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Turbomachinery in LNG production plants – Part one

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LNG Industry,

Over the past 20 years, global consumption of natural gas linked to population growth and motivation for cleaner power sources has been steadily rising. LNG offers the capability to convert natural gas to higher energy concentration and transport its value to higher-demand markets where it can be stored and regasified for power generation, direct heating, industrial processes, and as a supplement to renewable power worldwide.

In 2019, LNG represented 9.8% of the global gas supply. This percentage will in-crease as the primary gas-producing areas develop greater LNG production capacity in order to capture higher market value for natural gas as a primary and supplemental means of power generation.

Converting natural gas to a liquid allows for the transport of greater energy content since LNG takes up about 1/600th the volume of natural gas. It can be pumped and transported using maritime vessels, highway trucks, and short liquid pipelines. For commercial use, LNG must be converted back into gaseous form at regasification plants at the receiving terminal where the LNG is delivered.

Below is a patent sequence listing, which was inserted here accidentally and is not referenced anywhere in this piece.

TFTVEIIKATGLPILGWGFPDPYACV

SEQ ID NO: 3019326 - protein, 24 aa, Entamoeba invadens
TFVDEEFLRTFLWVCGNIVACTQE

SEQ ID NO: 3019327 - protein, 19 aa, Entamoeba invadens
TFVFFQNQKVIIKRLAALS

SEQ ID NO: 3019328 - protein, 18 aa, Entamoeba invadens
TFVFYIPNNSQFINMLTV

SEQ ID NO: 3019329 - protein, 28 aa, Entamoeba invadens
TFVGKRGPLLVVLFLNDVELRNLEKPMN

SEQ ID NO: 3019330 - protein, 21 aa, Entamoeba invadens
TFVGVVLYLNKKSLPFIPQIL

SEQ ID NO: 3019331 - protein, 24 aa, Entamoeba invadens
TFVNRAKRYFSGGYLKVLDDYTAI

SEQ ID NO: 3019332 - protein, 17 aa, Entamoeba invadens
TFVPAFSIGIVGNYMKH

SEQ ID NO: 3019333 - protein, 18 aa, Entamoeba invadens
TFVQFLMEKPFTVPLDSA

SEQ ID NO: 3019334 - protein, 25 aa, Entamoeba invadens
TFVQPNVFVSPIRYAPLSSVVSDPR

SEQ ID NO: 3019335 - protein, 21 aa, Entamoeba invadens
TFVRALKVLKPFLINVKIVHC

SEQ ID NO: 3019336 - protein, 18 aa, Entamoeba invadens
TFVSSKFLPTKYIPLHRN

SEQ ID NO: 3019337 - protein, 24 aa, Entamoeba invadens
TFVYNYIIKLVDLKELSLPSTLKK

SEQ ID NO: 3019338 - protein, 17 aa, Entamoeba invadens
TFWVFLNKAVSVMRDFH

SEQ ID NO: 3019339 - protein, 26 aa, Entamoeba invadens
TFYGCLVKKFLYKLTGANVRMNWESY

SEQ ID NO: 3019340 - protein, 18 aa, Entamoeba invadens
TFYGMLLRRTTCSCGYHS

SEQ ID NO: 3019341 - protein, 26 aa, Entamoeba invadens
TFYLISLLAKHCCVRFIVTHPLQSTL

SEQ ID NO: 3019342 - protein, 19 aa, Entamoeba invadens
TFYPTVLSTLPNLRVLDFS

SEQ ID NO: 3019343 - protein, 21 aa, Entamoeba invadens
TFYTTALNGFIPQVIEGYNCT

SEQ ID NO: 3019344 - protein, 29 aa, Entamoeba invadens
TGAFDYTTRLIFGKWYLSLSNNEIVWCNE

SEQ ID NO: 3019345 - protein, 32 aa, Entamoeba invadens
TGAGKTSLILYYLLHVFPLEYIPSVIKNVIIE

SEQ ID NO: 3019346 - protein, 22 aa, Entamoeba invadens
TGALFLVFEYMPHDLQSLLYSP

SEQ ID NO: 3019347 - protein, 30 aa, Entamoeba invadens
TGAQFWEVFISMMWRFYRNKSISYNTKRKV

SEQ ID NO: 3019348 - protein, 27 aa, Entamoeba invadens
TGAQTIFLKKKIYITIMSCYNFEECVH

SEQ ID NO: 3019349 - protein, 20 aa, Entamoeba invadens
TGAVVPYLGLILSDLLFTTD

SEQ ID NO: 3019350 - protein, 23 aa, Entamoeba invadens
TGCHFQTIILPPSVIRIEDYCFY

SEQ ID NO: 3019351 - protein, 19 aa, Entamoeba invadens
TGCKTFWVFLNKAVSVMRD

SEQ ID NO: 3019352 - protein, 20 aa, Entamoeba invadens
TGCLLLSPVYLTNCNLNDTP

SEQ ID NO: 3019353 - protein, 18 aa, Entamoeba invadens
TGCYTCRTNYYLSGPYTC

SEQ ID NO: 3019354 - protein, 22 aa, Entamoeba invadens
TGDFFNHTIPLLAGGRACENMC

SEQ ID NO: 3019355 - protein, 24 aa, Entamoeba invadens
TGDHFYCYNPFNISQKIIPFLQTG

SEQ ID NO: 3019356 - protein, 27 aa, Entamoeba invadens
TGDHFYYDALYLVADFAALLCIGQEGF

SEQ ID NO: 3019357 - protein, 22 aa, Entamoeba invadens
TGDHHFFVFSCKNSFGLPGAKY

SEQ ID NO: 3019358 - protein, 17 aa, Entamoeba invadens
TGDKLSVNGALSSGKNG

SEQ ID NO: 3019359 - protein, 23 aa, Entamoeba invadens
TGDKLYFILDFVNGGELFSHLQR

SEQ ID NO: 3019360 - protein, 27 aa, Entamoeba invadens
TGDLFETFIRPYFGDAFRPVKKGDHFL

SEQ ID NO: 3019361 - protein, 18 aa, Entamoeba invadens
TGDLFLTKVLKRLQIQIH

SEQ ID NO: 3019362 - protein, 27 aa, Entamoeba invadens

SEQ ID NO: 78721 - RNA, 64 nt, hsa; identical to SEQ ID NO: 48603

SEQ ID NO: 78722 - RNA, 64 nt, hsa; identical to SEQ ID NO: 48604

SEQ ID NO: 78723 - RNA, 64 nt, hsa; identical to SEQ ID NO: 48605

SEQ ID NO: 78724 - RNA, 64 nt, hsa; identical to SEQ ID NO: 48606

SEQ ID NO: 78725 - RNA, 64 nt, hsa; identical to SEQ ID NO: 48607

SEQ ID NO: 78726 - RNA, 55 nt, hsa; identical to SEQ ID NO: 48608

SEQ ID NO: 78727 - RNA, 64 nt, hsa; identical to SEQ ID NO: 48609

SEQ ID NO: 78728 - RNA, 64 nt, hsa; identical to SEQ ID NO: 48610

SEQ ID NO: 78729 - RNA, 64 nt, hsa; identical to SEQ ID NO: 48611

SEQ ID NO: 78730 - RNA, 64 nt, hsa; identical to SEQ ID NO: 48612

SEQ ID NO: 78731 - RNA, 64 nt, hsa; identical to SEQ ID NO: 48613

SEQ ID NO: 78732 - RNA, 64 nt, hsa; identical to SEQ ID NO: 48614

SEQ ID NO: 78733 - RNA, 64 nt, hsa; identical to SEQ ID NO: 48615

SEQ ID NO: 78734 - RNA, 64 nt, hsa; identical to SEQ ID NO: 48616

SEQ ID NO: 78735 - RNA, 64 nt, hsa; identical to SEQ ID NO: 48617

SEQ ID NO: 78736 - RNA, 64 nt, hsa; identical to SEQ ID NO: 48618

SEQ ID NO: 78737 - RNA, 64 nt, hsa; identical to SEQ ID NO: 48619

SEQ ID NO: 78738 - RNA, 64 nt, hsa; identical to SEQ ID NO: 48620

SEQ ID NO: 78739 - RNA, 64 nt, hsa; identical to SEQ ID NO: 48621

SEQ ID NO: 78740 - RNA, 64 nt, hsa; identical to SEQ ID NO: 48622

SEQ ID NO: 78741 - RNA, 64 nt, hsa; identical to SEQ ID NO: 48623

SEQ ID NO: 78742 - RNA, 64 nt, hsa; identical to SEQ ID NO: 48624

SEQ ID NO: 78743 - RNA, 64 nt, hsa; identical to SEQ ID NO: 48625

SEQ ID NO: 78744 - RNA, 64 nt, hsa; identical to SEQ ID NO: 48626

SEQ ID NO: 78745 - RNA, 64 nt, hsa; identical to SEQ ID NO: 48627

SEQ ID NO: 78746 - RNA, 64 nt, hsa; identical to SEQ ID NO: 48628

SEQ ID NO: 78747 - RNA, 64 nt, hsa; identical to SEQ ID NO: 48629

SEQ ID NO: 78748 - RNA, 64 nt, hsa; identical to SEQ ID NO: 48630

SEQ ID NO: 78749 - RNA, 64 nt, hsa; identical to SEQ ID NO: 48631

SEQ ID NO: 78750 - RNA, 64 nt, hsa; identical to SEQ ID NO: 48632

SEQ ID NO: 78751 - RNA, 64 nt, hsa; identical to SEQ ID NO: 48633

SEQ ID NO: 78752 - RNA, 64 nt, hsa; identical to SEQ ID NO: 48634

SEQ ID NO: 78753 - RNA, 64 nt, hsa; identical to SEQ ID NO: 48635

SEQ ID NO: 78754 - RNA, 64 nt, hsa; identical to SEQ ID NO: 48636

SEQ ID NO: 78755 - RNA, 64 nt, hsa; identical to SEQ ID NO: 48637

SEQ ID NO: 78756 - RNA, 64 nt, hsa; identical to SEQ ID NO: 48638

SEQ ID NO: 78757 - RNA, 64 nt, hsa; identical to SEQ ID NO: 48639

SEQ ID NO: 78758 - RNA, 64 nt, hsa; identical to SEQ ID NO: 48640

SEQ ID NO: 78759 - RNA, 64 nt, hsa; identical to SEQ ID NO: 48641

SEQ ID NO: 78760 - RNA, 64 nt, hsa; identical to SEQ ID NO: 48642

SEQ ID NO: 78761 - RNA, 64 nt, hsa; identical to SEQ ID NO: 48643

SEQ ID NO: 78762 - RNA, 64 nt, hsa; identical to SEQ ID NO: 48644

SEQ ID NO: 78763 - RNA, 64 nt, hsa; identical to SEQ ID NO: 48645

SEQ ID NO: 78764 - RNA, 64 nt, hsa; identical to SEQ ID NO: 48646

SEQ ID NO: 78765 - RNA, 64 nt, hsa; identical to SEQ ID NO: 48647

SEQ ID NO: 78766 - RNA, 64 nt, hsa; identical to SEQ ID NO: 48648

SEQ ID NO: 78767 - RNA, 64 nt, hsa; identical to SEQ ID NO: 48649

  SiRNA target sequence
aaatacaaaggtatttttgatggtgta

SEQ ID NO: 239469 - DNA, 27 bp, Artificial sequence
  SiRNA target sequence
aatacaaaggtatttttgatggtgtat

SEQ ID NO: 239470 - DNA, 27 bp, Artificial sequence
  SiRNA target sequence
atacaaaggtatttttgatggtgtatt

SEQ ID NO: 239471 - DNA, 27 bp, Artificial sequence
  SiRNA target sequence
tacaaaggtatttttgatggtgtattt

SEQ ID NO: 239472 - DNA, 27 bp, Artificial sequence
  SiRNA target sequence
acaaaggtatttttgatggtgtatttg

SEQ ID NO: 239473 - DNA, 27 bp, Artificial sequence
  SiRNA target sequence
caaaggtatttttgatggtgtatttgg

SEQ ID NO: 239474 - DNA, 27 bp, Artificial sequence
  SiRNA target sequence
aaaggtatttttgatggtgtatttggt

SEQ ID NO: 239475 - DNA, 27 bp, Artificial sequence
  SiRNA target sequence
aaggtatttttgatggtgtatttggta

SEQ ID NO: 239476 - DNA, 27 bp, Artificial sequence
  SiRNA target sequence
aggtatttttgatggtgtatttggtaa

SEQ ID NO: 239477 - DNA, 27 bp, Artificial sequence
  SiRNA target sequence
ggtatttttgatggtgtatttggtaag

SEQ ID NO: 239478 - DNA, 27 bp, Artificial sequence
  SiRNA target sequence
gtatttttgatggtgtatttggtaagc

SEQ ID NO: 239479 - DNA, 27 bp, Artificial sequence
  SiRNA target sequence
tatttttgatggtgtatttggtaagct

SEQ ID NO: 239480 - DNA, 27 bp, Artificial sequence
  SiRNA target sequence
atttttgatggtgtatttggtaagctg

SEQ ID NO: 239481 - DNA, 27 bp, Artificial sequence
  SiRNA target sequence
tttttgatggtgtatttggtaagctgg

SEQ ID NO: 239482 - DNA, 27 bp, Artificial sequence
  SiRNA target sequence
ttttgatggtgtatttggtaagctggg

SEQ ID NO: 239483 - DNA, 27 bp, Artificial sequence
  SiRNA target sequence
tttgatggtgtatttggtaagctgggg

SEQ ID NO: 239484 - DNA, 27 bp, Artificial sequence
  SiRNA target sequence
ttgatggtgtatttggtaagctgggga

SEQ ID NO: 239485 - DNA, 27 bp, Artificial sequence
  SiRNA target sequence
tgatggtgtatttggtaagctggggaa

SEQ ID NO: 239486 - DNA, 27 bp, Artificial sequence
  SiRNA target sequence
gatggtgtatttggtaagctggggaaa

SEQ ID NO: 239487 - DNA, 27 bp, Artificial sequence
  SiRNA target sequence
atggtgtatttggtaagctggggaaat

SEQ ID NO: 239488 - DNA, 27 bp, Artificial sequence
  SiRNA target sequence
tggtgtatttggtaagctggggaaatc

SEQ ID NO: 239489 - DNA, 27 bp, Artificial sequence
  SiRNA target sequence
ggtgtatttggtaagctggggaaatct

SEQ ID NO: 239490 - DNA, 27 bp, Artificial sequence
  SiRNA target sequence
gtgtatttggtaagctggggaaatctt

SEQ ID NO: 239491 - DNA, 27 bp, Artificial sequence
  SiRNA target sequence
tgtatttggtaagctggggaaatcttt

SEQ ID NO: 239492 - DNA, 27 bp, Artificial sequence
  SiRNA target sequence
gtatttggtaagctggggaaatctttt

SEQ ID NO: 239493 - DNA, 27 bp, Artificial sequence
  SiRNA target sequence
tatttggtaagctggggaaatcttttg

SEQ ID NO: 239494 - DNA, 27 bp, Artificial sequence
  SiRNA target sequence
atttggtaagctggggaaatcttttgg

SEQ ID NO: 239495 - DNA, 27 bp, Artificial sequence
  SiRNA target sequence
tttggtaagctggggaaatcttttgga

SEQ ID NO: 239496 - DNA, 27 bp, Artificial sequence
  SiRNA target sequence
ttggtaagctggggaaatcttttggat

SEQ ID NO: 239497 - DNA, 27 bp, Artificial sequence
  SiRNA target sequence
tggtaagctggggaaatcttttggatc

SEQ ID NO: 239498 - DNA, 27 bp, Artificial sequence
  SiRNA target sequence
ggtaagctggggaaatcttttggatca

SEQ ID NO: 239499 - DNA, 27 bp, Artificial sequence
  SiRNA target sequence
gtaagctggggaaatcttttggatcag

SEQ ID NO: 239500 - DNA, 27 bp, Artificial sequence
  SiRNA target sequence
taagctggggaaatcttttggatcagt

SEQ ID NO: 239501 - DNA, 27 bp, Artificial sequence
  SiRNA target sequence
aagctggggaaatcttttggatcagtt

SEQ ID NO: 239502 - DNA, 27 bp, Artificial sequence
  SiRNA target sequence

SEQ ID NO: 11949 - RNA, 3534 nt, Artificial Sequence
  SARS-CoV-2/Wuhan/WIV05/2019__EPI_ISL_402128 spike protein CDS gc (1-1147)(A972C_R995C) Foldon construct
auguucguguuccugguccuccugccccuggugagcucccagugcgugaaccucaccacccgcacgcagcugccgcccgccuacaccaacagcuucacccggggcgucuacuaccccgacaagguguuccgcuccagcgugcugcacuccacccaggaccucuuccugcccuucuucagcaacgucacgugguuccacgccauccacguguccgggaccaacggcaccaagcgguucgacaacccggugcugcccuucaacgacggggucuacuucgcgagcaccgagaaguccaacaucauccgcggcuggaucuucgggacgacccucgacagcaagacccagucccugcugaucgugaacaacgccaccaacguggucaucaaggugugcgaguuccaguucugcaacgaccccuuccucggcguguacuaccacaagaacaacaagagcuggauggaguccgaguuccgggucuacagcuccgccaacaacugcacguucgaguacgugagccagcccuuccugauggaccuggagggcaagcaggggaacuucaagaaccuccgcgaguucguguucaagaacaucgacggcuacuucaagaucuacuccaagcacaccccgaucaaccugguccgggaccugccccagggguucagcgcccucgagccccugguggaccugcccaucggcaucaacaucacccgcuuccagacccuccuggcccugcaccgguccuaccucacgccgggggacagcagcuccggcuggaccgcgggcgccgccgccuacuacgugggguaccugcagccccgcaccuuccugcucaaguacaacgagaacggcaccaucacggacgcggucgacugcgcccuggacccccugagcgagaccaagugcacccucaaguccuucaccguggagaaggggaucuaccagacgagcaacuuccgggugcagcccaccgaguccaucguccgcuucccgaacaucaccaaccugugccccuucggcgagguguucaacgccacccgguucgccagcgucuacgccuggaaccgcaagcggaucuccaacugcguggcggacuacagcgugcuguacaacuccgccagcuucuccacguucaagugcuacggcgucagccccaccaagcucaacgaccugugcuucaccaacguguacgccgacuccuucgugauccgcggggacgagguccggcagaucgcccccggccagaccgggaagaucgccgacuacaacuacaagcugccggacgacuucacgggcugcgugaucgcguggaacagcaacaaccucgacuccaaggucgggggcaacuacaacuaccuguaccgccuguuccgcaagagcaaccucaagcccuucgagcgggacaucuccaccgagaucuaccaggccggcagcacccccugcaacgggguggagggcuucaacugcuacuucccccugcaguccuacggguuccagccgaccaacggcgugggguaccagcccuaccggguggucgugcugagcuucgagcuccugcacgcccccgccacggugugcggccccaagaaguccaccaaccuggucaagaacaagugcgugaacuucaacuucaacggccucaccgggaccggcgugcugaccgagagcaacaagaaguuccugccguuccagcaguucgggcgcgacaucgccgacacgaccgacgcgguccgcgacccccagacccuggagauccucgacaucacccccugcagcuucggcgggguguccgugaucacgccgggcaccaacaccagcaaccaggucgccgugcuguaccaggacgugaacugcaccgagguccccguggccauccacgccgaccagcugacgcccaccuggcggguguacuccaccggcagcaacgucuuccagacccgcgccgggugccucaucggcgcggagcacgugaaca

LNG production plants use a wide range of turbomachines including centrifugal compressors, gas and steam turbines, turboexpanders, and cryogenic pumps and ex-panders. Historically, LNG producers have adapted to advances in turbomachinery to maximise output. Additionally, producers have continued to gain efficiencies and cost improvements by considering variations to the refrigerant mixtures and cycle adaptations to convert natural gas to its liquefied form.

This article, based on a short course given at the 2023 Turbomachinery Symposium, reviews the LNG value chain, focusing on how compressors and pumps fit into the various LNG plant cycles. Part 1 includes production processes and compressor applications. Part 2 (coming in September 2024) will cover LNG pumping applications and equipment.

The LNG value chain

The LNG value chain includes the production, processing, and conversion of natural gas to LNG, transportation of the liquefied gas, and regasification as it travels from extraction to final delivery to end-users. The value chain includes:

  • Production – extraction and separation of natural gas from condensate and/or crude oil; transport of the raw gas to processing facilities for contaminant removal.
  • Gas processing – cleaning and treating the natural gas before liquefaction.
  • Liquefaction – clean, dry natural gas is liquefied by dropping its temperature below its boiling point through a cryogenic process.